WILMINGTON, N.C. (WECT) – In the past two weeks New Hanover County has seen more than 1,000 new cases of COVID 19 and at the state level, the Department of Health and Human Services saw more than 9,000 positive cases in just one day this week. These numbers are leaving many people wondering why elected leaders in the area have not issued any sort of mask mandates, despite having the ability to do so.
Across the state, cities like Raleigh, Charlotte and counties like Buncombe County in Western N.C. have all left the decision up to Mayors and other elected leaders, but in New Hanover County, the Health Board took over making these decisions for municipalities and unincorporated areas of the county in August.
By implementing a health rule, the Health Board required masks for everyone, not just the jurisdiction of the elected leaders. By allowing the Health Board to make the decision, elected leaders are no longer responsible for the mandates, this can be seen as both a good and a bad thing.
“The Health and Human Services Board is a group of apolitical experts in their fields of medicine, health, and social services. It is our expectation that they will thoroughly and methodically analyze the data and understand where we are as a community as it relates to the virus,” New Hanover County Chairwoman Julia Olson-Boseman said.
Still, others have criticized the method as a way to remove responsibility from elected leaders. Regardless, the New Hanover County Health Board will consider implementing another health rule on January 18, 2022, to require masks once again, but that is still weeks away and the virus is currently surging.
Dr. Paul Kamitsuka, an infectious disease expert with Wilmington Health, says waiting almost three more weeks is too late.
“There should be a mandate in place right now. People are just not appreciative of just how contagious the Omicron variant, which is the variant that we are dealing with in this area, is. Omicron is as contagious as measles. And with measles for example, if I have measles right now and I leave the room, the air in this room is contagious for the next two hours,” he said.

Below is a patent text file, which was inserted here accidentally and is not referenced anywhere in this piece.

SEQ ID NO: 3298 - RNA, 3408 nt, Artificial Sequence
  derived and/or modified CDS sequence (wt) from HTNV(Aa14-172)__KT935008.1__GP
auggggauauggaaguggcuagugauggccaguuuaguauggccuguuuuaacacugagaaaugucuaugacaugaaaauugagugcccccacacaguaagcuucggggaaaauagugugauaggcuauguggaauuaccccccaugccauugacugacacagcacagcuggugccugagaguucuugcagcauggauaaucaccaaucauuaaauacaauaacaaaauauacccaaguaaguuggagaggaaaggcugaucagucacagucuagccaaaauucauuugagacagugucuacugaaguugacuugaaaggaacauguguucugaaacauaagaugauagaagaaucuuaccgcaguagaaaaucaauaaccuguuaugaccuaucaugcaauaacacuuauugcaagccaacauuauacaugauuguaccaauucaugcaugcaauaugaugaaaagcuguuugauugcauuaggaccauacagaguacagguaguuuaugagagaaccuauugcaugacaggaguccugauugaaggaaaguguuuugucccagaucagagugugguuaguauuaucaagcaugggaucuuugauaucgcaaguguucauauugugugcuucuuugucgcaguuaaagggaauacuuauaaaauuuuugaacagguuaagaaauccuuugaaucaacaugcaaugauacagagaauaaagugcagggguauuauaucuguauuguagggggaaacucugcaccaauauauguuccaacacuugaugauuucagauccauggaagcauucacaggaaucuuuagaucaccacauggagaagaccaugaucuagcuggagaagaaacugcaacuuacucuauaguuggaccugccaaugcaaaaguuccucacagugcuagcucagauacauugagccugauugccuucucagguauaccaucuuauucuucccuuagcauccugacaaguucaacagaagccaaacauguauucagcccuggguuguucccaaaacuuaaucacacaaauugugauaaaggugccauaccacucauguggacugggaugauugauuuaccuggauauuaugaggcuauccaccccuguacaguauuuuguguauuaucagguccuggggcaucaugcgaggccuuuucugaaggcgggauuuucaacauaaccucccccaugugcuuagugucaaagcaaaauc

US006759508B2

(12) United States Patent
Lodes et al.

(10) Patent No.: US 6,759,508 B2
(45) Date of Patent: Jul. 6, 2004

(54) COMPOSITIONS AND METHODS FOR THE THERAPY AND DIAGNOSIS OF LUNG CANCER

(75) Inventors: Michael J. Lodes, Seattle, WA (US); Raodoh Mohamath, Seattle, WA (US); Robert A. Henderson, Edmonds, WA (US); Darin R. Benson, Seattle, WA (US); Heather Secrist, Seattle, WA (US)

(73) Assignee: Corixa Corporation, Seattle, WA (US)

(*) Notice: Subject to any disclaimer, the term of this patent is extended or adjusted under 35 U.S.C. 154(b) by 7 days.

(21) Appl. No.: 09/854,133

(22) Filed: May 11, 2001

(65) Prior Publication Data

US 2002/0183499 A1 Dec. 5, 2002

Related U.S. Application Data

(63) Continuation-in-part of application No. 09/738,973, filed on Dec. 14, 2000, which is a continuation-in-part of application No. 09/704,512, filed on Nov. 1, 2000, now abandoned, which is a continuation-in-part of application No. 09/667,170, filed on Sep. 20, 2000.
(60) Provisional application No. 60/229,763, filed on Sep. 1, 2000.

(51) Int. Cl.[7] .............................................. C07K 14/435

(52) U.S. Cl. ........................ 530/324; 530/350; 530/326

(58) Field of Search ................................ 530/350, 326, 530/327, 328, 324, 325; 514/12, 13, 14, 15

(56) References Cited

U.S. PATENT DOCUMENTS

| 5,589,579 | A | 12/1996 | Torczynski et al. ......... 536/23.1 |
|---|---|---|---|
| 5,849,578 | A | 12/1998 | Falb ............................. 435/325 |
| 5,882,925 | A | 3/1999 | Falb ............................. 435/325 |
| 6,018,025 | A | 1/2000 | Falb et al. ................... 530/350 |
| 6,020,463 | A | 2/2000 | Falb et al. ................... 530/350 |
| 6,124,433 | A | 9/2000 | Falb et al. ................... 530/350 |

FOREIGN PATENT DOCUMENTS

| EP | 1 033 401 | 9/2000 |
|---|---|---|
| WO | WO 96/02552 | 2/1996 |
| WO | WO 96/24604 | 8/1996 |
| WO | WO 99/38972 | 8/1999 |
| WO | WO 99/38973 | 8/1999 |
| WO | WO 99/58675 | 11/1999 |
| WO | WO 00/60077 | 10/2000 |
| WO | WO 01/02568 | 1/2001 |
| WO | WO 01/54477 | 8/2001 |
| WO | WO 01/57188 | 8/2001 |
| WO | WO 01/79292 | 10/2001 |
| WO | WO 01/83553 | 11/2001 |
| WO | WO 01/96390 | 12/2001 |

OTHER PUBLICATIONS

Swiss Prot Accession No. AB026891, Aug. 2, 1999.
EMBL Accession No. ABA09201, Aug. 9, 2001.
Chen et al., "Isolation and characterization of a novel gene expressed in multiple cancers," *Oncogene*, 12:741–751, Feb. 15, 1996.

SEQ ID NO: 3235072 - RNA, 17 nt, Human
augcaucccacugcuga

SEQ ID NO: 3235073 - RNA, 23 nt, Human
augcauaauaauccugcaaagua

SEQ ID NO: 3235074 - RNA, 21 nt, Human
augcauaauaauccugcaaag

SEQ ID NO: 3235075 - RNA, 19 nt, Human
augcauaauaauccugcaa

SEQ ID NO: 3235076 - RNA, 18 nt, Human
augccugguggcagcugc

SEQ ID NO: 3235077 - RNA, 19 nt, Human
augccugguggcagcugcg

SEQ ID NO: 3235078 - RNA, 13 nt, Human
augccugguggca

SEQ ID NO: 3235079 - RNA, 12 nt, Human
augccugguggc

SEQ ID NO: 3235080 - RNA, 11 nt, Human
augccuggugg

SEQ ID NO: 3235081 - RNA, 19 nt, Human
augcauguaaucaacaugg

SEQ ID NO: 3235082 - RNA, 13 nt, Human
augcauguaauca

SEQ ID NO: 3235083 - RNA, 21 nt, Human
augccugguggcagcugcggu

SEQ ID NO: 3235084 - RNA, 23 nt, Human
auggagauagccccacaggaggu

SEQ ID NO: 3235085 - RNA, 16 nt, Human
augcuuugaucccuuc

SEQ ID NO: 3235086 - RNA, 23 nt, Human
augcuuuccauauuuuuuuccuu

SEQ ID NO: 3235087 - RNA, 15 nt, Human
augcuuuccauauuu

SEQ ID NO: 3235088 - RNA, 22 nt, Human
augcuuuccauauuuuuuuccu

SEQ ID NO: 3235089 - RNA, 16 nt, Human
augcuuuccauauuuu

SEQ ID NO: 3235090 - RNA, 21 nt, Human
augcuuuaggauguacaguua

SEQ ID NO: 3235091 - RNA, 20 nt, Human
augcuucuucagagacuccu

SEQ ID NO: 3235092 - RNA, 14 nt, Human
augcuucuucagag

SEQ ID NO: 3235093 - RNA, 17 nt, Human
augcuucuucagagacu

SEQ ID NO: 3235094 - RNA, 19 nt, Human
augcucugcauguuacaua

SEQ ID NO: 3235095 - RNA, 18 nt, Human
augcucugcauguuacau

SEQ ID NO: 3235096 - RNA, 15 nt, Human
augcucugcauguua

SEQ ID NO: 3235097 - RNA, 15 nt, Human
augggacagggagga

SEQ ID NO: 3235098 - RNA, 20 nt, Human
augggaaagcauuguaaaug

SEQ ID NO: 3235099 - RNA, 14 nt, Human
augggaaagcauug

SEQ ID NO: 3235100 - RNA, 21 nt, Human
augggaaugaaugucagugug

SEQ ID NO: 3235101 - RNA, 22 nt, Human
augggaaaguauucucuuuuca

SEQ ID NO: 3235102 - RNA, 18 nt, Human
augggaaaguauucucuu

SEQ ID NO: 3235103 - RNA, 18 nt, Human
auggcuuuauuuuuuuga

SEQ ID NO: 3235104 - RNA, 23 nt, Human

Elected leaders across the county responded to questions about why they have given the responsibility to the Health Board instead of making those decisions themselves — for most of them, it comes down to unity.
“For the Commissioners to issue a mask mandate for the entire county, it would require the consent of the mayors of all municipalities within our county. Otherwise, the Commissioners’ order would just apply to the unincorporated areas of the county and that would not be effective,” Olson-Boseman said.
It was a similar response from Wilmington Mayor Bill Saffo.
“We felt, collectively, as a collective body of elected leaders here in New Hanover County that we should try, as much as we could, to speak with one voice,” he said.
In Carolina Beach, Mayor Lynn Barbee said, “I have spoken with the town manager and we are watching the situation closely. We generally follow the county on public health issues and we will review any decision they make on masking. In the meantime, the town is following the CDC guidelines.”
COVID-19 fatigue is becoming more common as there seems to be no end in sight for this virus, and for Olson-Boseman, it needs to be treated as such.
“From my perspective, it’s important that we begin viewing this virus as endemic — it is not going anywhere and we will have highs and lows — so we must be measured in how we approach new mandates, and focus on getting people vaccinated and maintaining the virus with the goal of keeping people out of the hospital and from becoming severely ill. People need to be smart in their choices, wear masks and not go out if they aren’t feeling well. We have to show good judgment as individuals,” she said.
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